The Quantum and the Lotus: A Journey to the Frontiers Where Science and Buddhism Meet


Although it took me a while to read, because it's a bit left-brained, I absolutely loved it. Then a reader would not get the idea that these two thinkers were trying to remake Buddhism into science or vice versa. The part on time actually blew my mind, and re-encouraged me to get my future tattoo. The quantum and the lotus question is central to the book.

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There was a problem adding your email address. See all 80 reviews. I get that the topic requires the most specific words possible, but the complex sentence structure and vocabulary make this inaccessible for a LOT of people. Ricard talks a lot about reincarnation, something I am carefully agnostic about, and discusses enlightenment as a fixed state like an unlocked achievement that frees you from the cycle of reincarnation , and I have a very different perspective on that. Paperback , pages.


That's fine as an exercise of thought, but it felt like the authors were a bit too enthusiastic about bringing the two knots together. East Dane Designer Men's Fashion. Withoutabox Submit to Film Festivals. But that might also have defeated the purpose of the book, which I believe to have been showing that while science and spirituality might never agree on absolutely everything, they can have a constructive dialogue, and perhaps overlap in more places than they might think. Is the concept of a beginning of time fundamentally flawed? Did the universe have a beginning? The Quantum and the Lotus: Through the course of their dialogue, the authors reach a remarkable meeting of minds, ultimately offering a vital new understanding of the many ways in which science and Buddhism confirm and complement each other and of the ways in which, as Matthieu Ricard writes, "knowledge of our spirits and knowledge of the world are mutually enlightening and empowering. Ricard was actually insinuating was to re-assess my idea of consciousness; and I think that possibly what he could be saying is that there is a stream of consciousness that re-seeds itself.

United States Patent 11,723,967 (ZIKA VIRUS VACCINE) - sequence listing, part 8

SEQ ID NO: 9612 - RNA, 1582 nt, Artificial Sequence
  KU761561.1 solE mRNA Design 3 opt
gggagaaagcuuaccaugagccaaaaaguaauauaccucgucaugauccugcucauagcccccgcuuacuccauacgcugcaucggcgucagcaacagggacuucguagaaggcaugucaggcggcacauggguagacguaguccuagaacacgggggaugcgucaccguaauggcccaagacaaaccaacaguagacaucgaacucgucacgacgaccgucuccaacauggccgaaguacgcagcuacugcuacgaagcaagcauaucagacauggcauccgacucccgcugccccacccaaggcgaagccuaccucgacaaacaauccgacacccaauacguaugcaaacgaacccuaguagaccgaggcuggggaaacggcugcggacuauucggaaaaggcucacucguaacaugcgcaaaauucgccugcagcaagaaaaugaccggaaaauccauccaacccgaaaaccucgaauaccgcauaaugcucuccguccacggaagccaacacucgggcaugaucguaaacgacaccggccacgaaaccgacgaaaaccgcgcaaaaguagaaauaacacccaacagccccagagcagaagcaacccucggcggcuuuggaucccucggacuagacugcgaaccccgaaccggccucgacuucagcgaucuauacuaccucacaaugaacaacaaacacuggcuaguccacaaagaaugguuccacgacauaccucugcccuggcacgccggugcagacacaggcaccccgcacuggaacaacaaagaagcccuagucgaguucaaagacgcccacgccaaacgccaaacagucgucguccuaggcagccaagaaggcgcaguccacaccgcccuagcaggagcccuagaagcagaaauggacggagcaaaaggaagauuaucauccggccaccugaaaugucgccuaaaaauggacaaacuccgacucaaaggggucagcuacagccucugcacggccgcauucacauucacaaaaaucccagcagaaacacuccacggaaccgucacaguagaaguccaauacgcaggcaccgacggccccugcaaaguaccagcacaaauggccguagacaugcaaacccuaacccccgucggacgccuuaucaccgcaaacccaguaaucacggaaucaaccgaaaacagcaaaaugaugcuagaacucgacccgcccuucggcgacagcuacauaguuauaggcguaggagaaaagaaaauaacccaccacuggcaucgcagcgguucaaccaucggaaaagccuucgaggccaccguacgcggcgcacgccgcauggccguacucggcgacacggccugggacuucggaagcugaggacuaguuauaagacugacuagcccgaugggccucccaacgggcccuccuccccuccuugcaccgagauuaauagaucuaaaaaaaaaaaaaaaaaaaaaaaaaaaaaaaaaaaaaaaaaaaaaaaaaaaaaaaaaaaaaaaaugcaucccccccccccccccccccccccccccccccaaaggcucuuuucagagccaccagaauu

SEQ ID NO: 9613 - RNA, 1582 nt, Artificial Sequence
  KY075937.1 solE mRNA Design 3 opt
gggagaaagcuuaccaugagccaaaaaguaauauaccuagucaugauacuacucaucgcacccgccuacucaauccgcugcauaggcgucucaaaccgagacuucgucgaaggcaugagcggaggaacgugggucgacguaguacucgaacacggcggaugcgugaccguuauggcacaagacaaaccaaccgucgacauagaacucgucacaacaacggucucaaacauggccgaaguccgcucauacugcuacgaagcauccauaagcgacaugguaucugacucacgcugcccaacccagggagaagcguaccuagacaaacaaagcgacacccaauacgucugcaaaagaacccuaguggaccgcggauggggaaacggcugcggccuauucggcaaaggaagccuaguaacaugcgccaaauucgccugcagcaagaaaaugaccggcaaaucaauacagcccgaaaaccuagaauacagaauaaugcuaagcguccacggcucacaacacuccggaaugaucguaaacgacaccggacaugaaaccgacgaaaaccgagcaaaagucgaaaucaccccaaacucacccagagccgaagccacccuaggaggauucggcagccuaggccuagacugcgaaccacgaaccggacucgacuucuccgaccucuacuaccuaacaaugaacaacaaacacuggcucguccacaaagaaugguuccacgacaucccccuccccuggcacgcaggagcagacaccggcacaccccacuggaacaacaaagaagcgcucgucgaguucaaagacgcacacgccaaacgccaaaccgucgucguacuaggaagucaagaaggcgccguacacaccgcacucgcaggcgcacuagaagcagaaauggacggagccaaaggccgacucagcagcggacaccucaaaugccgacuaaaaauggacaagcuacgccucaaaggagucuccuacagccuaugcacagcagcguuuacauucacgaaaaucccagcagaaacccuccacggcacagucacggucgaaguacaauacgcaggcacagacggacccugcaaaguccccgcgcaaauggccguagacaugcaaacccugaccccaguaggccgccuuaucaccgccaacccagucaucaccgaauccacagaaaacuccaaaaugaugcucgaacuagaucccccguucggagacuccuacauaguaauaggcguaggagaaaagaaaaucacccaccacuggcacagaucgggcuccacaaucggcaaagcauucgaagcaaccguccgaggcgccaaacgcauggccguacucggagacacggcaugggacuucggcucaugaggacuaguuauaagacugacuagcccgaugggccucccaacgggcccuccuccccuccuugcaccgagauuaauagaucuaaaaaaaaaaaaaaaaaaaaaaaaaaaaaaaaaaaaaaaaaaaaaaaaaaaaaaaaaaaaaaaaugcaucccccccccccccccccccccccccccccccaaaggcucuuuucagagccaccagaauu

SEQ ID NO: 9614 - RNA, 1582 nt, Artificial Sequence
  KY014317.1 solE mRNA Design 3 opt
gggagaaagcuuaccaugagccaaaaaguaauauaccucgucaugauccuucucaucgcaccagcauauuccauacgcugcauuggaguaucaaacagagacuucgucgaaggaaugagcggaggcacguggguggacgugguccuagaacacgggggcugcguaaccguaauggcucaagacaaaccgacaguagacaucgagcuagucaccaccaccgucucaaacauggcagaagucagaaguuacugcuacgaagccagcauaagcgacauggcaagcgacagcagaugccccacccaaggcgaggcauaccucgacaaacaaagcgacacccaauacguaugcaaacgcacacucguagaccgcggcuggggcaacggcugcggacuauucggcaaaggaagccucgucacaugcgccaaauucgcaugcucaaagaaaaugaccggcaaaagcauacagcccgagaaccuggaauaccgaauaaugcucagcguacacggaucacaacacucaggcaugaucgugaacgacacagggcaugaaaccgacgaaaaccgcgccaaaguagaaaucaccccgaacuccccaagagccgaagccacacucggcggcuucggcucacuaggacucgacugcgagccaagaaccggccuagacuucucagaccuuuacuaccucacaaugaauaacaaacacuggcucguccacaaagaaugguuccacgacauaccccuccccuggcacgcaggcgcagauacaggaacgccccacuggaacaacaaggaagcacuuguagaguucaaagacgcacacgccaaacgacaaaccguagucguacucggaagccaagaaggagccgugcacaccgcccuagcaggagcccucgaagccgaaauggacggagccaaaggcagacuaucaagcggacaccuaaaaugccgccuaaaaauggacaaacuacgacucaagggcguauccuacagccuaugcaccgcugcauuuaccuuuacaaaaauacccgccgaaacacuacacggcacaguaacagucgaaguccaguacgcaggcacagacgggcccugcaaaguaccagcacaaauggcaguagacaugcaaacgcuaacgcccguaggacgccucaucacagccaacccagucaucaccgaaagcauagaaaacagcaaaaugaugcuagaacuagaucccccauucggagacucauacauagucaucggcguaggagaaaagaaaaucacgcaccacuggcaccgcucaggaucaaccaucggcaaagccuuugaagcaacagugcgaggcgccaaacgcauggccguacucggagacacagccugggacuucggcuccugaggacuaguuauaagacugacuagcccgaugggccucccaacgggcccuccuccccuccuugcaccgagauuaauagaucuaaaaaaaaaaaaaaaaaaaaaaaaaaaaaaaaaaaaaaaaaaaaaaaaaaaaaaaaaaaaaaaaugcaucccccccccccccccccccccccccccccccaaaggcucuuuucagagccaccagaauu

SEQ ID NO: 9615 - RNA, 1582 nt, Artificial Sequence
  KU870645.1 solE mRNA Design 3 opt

Ricard is a penetrative thinker and he can the quantum and the lotus present the Buddhist view. To see what your friends thought of this book, please sign up. D degree in cell genetics at the renowned Born inMatthieu Ricard is a Buddhist monk, an author, translator the quantum and the lotus photographer. Amazon Rapids Fun stories for kids on the go. But at least I understood where the odd idea of reincarnation cycles comes from! Discover what to read next. This stream arises and then dissipates in each moment but before it dissipates it reseeds itself for the next arising, providing the illusion of continuity and thus the idea of a 'soul. He made his way to the prestigious California Institute of Technology to study with some of the biggest names in the field and is now an acclaimed astrophysicist and specialist on how the galaxies formed.

This transcribed and expanded dialogue between Buddhist monk Ricard and astrophysicist Thuan claims few original insights but provides a good general introduction to science-and-religion issues representing two notably different Buddhist perspectives. To me, any legitimate method of comparing two philosophies would have to utilize a third system of thought that transcended both philosophies. Ricard believes in reincarnation.

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How does the radical interpretation of reality offered by quantum physics conform to and yet differ from the Buddhist conception of reality? The entire book is in dialogue form, alternating between the two authors. However, once I returned to it, it was eternally beneficial. Although Thuan and Ricard find common ground on many ethical matters and agree in a general way about the "interconnectedness of phenomena," they also run into genuine disagreements about cosmic origins, the nature of consciousness and the orderliness of the universe—all areas where traditional Buddhist beliefs are in tension with scientific theories or their implications as commonly understood in the West.

Quantum and the Lotus 1

Except for the introduction and conclusion, there is no narrative here—only transcribed dialogue. The Monk and the Philosopher: Buddhism rejects the scientific principle of creation the Big Bang because it does not believe that phenomena can exist independently, and it therefore denies the need to explain the beginnings of them.


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